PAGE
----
Put on that mask of Christ.  Follow his word, act in trust, and God will change us to become more like who we imitate.

Almighty and merciful God,
graciously keep from us all adversity,
so that, unhindered in mind and body alike,
we may pursue in freedom of heart
the things that are yours.
Through our Lord Jesus Christ, your Son,
who lives and reigns with you
in the unity of the Holy Spirit,
one God for ever and ever.

(Collect of Mass)

Nov 6, 2018

A Prayer for the Common Good

On this mid-term election day, let's remember that God always calls us to consider and to embrace the higher moral good of all.  As Jesus invites us to missionary discipleship, he calls us to seek the good of all we serve and not to be blinded by our prejudices, personal agendas, political opinions but to be wise to consider, in the end, what is best for all.  Humility, compromise, selflessness, and charity should always be what we pursue, even when it means that we may not get completely what we want - or think we deserve.

The prayer below should be offered not only for our Nation but also for our Church in this time of reform and healing for those who feel estranged, abused, forgotten.  The price to pay is too high and too risky to take the lower road. May the Holy Spirit and our service in the kingdom of God be a force of strength and guidance that all may seek unity above division, love above resentment, peace above violence, forgiveness in the midst of hatred, what is best for all above politics, and God ultimately above all things.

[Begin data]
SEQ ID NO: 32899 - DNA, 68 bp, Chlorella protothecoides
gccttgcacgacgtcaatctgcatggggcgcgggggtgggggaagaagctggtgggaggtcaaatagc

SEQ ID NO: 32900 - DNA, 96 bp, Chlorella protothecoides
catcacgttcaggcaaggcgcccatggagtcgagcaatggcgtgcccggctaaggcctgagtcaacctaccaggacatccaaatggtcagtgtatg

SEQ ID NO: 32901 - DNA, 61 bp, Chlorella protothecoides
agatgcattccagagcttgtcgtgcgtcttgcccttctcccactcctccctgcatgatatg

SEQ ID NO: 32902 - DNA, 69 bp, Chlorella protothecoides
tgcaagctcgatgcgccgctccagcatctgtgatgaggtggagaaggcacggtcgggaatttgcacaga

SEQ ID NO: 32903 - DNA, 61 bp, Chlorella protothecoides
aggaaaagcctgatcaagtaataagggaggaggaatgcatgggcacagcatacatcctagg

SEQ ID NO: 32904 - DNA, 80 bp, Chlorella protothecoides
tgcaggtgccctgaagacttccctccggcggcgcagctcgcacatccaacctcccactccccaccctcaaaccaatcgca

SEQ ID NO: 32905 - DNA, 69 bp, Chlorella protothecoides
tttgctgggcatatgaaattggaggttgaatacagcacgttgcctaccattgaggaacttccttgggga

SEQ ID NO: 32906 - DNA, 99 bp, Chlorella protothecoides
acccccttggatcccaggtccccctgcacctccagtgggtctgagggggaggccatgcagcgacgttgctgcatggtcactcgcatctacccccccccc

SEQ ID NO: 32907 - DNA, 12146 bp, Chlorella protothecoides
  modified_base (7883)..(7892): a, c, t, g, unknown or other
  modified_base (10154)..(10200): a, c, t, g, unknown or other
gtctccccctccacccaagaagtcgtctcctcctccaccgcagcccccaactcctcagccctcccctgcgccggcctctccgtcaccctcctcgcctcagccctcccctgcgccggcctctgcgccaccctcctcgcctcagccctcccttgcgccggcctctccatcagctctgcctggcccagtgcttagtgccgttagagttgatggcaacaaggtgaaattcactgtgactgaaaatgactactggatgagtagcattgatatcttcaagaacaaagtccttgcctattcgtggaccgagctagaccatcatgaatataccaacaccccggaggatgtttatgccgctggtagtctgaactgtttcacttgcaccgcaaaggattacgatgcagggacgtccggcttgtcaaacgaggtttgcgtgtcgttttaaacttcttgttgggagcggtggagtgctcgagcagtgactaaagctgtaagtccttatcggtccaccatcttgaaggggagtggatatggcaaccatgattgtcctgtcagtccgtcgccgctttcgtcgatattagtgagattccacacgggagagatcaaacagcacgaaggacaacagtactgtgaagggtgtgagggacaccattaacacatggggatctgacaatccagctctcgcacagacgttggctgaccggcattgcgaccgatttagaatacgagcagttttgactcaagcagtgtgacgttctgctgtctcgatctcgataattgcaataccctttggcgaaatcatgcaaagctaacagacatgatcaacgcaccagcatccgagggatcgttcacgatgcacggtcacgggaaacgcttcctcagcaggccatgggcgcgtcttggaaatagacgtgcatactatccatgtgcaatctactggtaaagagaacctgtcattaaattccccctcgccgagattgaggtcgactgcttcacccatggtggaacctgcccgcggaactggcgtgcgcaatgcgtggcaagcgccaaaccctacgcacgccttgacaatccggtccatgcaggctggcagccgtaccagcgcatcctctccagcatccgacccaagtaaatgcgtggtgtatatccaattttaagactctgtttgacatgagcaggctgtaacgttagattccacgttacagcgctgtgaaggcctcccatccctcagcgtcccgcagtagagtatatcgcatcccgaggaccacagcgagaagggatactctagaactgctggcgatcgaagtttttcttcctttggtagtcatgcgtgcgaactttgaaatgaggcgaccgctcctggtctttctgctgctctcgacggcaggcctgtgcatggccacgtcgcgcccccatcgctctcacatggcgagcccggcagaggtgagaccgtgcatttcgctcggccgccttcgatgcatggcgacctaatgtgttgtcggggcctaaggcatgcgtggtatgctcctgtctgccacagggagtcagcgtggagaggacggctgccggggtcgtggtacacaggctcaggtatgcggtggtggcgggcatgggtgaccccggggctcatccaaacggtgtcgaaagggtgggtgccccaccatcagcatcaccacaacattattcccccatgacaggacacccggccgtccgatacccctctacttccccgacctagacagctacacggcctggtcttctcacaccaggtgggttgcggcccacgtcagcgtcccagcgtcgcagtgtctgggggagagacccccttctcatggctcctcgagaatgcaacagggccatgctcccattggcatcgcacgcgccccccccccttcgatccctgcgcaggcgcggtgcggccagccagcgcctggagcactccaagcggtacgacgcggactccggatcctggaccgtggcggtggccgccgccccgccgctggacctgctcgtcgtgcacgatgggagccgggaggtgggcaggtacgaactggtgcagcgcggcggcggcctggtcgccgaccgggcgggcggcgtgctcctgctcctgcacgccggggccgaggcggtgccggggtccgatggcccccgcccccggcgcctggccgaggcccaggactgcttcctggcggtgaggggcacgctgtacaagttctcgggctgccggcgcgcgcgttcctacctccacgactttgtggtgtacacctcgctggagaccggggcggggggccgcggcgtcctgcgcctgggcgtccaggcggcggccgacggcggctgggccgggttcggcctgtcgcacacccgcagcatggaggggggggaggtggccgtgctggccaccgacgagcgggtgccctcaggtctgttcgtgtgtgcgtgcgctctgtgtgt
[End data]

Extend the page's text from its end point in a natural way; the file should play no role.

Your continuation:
Prayer for the Common Good

 O God, you have given all people

one common origin and desire

to gather them into one family for yourself.

Fill our hearts with the fire of your love

and kindle in us a desire

to ensure the common good

for all our sisters and brothers.

By sharing with one another,

may we secure justice for all people,

an end to division and a society

built upon justice, love and peace.

Through Christ our Lord.


31st Sunday - "Hear . . ."

Mark 12: 28b - 34

A story is told of two great Jewish rabbis of the early first century who were challenged by a questioner to teach him the entire Torah while he stood on one leg. One rabbi named Hillel answered: “Do not do to your neighbor what is hateful to you; this is the whole Torah, the rest is commentary.”

In our Gospel this Sunday we hear of another questioner, not standing on one foot but an unusually friendly scribe who seemingly has no intention to trap Jesus with some convoluted example as we might expect from other encounters he had with religious leaders of the time. Rather, his question seems indeed sincere and was a favorite debate topic. The answer given by Jesus expands that offered by Rabbi Hillel even more. It is as concise as that given by the rabbi and it is deeply familiar to any Jew, even today. It was an effort to find a rule of thumb, some guiding principle that could be used to act according to God’s will rather than laboriously wade through the hundreds of rules and regulations given to the Jews.  So he asks Jesus: “Which is the first of all the commandments?”

Jesus offers the great, “Shema” as he quotes their tradition: “Hear O Israel! The Lord is our God, the Lord alone. You shall love the Lord your God with all your heart, and with all your soul and with all your strength. The second is like it, you shall love your neighbor as yourself.”
Any good Jew was required to recite this belief in the morning, at noon, and in the evening.  The scribe remarks with understanding of what Jesus proclaimed and Jesus affirms: “You are not far from the kingdom of God.” Nothing more to add.